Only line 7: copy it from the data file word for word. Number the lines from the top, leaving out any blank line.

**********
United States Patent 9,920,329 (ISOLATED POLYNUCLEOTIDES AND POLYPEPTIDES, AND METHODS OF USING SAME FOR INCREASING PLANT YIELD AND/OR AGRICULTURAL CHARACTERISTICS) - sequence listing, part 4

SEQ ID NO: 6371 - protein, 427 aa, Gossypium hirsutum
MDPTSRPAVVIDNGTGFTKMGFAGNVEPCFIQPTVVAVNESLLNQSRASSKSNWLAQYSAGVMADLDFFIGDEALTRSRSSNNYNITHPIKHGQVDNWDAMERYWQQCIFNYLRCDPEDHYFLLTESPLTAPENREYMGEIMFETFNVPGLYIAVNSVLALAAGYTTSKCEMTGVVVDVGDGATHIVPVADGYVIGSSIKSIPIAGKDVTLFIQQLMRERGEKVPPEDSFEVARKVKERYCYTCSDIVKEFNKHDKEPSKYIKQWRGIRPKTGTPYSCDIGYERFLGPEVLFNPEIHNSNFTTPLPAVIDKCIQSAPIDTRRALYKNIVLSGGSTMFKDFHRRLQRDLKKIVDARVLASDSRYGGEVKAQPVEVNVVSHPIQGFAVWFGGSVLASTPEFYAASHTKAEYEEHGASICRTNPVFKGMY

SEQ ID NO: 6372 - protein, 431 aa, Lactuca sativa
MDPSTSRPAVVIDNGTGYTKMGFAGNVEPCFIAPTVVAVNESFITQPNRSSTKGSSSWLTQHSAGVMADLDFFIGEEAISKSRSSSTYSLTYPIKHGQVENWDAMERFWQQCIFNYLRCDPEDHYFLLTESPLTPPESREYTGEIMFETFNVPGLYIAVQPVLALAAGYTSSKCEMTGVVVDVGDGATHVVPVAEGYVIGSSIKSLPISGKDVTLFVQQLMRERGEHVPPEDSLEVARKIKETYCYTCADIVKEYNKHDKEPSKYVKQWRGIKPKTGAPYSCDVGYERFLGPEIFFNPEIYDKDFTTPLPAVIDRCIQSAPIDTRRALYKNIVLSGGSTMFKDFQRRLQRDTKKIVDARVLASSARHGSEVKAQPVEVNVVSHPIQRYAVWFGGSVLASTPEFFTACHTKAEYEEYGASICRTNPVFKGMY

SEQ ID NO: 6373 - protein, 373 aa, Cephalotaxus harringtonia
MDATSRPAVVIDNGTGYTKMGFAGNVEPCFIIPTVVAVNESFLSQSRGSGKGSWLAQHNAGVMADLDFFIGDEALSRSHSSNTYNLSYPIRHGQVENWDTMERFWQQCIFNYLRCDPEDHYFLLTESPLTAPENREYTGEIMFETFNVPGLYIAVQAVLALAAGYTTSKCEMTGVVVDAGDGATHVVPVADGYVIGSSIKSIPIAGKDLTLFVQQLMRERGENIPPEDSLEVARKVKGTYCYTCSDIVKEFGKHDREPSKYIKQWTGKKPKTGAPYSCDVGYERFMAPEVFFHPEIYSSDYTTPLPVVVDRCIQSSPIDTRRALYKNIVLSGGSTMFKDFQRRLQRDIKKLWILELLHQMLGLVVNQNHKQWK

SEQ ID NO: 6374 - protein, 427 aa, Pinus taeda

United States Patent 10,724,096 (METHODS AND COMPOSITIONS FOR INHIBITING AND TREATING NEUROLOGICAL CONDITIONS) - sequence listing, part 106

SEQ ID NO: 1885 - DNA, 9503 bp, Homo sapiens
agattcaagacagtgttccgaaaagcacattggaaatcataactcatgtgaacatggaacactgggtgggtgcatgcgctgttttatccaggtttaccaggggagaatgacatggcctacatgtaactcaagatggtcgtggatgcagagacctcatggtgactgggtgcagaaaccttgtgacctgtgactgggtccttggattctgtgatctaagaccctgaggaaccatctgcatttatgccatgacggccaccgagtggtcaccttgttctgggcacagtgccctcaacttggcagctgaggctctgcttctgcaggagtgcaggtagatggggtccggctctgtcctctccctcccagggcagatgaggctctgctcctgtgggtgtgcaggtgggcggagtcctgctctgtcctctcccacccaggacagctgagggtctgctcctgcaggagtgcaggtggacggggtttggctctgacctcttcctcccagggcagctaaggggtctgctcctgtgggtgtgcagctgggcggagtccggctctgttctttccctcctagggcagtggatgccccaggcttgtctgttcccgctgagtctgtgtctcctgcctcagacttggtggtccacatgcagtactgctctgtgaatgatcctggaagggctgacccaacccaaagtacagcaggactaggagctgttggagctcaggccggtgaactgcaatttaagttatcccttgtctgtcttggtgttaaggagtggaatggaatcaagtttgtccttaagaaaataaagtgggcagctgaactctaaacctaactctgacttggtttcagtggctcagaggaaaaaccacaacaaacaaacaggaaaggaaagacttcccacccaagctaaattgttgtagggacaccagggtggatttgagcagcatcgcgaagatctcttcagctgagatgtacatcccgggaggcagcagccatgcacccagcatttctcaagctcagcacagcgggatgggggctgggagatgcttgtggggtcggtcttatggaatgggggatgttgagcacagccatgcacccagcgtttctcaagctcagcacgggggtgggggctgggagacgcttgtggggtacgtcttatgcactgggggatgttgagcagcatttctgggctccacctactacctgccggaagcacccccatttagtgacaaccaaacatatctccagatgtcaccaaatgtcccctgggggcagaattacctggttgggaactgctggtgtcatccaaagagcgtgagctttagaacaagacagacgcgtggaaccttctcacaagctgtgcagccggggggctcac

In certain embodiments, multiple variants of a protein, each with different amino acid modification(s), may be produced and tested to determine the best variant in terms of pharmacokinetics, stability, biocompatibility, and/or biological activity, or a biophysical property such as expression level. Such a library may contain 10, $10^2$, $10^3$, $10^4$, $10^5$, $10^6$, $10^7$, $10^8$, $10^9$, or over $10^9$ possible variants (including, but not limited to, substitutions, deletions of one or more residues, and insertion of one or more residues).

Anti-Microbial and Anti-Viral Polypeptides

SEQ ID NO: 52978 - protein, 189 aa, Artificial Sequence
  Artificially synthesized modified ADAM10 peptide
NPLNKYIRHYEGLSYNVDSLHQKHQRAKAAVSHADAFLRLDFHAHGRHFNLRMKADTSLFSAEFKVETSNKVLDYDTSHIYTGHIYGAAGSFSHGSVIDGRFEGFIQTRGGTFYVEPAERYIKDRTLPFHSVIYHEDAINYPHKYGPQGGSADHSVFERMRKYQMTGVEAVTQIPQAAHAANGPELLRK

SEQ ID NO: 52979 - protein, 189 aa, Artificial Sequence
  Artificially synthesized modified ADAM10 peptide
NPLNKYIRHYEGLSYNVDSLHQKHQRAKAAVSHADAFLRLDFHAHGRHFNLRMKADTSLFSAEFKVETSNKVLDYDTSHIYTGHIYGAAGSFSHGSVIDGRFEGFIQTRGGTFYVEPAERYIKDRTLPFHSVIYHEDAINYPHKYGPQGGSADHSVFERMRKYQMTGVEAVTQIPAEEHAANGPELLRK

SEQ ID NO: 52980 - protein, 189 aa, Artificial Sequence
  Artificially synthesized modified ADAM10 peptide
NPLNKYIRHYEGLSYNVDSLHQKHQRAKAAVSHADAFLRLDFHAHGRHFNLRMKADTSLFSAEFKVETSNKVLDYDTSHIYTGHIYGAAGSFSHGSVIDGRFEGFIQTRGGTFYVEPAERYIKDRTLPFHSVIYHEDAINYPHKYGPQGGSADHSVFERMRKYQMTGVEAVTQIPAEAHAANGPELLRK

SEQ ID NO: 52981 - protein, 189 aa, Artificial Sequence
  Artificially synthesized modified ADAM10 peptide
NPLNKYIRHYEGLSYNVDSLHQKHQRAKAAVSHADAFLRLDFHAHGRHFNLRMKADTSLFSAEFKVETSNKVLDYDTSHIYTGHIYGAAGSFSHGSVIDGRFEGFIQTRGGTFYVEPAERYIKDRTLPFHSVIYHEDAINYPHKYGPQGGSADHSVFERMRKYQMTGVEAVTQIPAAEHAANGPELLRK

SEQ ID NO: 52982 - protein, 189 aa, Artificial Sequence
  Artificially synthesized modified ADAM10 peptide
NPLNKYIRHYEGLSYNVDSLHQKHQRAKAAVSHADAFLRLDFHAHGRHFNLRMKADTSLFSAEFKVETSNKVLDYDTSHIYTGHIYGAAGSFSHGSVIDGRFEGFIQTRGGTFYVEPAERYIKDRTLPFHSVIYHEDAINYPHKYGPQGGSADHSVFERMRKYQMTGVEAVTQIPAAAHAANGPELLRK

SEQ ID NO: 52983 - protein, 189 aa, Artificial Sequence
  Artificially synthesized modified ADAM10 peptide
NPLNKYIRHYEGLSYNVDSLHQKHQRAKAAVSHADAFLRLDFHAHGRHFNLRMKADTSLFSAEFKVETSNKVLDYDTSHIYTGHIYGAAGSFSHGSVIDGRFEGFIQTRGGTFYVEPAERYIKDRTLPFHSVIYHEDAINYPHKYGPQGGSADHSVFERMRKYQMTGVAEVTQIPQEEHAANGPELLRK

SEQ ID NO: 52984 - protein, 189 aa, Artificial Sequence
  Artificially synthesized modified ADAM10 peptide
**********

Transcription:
MDATSRPAVVIDNGTGYTKMGFAGNVEPCFIIPTVVAVNESFLSQSRGSGKGSWLAQHNAGVMADLDFFIGDEALSRSHSSNTYNLSYPIRHGQVENWDTMERFWQQCIFNYLRCDPEDHYFLLTESPLTAPENREYTGEIMFETFNVPGLYIAVQAVLALAAGYTTSKCEMTGVVVDAGDGATHVVPVADGYVIGSSIKSIPIAGKDLTLFVQQLMRERGENIPPEDSLEVARKVKGTYCYTCSDIVKEFGKHDREPSKYIKQWTGKKPKTGAPYSCDVGYERFMAPEVFFHPEIYSSDYTTPLPVVVDRCIQSSPIDTRRALYKNIVLSGGSTMFKDFQRRLQRDIKKLWILELLHQMLGLVVNQNHKQWK